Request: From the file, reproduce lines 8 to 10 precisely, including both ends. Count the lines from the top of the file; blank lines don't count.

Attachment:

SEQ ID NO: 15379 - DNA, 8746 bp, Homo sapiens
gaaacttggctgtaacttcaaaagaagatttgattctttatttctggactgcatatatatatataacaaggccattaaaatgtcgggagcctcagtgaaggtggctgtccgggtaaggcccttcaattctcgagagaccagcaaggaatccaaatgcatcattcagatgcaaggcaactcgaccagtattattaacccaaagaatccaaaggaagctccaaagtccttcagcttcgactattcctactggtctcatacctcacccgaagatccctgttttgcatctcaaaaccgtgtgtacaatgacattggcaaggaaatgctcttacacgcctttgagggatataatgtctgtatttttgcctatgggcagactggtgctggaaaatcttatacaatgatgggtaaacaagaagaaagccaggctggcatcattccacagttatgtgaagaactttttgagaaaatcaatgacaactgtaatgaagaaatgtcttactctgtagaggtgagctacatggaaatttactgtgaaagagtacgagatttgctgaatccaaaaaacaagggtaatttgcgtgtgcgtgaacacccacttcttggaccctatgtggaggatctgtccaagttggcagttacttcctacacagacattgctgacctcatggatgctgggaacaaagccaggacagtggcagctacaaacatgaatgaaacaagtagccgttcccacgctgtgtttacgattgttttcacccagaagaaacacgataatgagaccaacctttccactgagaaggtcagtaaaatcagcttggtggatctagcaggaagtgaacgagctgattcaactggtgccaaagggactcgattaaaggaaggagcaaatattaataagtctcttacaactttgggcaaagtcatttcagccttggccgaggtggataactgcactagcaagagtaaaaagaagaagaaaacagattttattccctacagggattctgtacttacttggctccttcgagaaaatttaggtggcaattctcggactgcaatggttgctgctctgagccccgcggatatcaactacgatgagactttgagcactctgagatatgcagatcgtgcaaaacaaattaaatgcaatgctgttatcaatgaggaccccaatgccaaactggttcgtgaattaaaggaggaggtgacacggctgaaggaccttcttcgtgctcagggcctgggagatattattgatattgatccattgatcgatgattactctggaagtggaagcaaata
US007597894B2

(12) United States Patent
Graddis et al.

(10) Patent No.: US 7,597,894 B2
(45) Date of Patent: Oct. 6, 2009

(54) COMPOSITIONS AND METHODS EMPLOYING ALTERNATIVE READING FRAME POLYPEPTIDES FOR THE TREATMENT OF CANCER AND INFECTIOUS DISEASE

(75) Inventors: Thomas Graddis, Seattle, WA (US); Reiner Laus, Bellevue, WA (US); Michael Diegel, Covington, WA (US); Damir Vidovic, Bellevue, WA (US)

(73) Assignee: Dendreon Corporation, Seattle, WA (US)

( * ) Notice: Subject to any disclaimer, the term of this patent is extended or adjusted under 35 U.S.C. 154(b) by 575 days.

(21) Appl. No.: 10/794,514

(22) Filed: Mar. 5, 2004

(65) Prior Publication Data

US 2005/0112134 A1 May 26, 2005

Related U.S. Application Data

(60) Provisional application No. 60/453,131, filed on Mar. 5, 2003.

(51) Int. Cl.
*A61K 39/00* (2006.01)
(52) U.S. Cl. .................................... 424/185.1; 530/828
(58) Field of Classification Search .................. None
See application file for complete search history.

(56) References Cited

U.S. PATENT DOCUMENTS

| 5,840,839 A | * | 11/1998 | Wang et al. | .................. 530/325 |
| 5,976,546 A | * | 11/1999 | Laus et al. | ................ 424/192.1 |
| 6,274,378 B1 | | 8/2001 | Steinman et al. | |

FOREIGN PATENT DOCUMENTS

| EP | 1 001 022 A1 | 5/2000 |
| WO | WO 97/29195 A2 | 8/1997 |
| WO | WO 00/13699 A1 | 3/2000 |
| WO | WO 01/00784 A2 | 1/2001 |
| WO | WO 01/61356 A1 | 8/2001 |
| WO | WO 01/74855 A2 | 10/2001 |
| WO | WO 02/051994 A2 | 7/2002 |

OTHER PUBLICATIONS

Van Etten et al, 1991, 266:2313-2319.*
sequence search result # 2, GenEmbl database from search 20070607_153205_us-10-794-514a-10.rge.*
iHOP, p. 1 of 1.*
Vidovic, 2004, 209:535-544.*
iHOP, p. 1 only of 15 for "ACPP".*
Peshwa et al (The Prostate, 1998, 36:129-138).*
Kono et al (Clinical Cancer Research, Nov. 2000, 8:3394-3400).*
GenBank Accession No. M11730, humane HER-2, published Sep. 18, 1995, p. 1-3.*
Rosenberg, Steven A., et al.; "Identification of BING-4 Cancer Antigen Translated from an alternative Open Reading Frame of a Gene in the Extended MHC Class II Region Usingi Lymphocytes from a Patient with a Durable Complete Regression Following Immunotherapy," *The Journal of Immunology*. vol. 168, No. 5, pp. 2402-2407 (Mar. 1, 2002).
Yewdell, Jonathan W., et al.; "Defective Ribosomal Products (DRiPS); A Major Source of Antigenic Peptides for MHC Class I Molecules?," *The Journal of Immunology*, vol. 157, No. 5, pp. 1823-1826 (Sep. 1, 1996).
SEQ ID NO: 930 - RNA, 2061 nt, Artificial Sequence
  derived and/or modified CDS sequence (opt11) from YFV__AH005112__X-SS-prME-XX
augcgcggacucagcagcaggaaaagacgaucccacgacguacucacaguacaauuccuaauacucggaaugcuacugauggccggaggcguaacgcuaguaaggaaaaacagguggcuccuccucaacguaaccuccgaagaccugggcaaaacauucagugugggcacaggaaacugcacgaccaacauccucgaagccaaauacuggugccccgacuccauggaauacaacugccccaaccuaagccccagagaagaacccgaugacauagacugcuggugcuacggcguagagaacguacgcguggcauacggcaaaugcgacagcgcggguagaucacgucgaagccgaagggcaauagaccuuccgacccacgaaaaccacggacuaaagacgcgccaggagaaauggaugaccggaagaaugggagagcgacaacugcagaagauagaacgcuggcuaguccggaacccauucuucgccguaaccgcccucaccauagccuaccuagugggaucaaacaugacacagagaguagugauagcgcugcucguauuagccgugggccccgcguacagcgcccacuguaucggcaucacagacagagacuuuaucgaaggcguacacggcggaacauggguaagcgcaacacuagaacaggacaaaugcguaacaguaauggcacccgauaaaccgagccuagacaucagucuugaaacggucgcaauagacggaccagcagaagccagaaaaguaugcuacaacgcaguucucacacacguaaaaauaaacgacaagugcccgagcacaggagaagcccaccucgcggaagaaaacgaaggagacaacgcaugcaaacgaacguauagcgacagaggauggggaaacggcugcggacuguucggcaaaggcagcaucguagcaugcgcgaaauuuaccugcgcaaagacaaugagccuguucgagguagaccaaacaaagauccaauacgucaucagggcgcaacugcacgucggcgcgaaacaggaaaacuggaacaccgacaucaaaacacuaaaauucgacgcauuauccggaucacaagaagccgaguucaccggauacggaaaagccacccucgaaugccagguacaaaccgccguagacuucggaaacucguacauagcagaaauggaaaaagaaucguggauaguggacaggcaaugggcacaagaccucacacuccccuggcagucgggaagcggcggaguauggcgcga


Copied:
(54) COMPOSITIONS AND METHODS EMPLOYING ALTERNATIVE READING FRAME POLYPEPTIDES FOR THE TREATMENT OF CANCER AND INFECTIOUS DISEASE

(75) Inventors: Thomas Graddis, Seattle, WA (US); Reiner Laus, Bellevue, WA (US); Michael Diegel, Covington, WA (US); Damir Vidovic, Bellevue, WA (US)

(73) Assignee: Dendreon Corporation, Seattle, WA (US)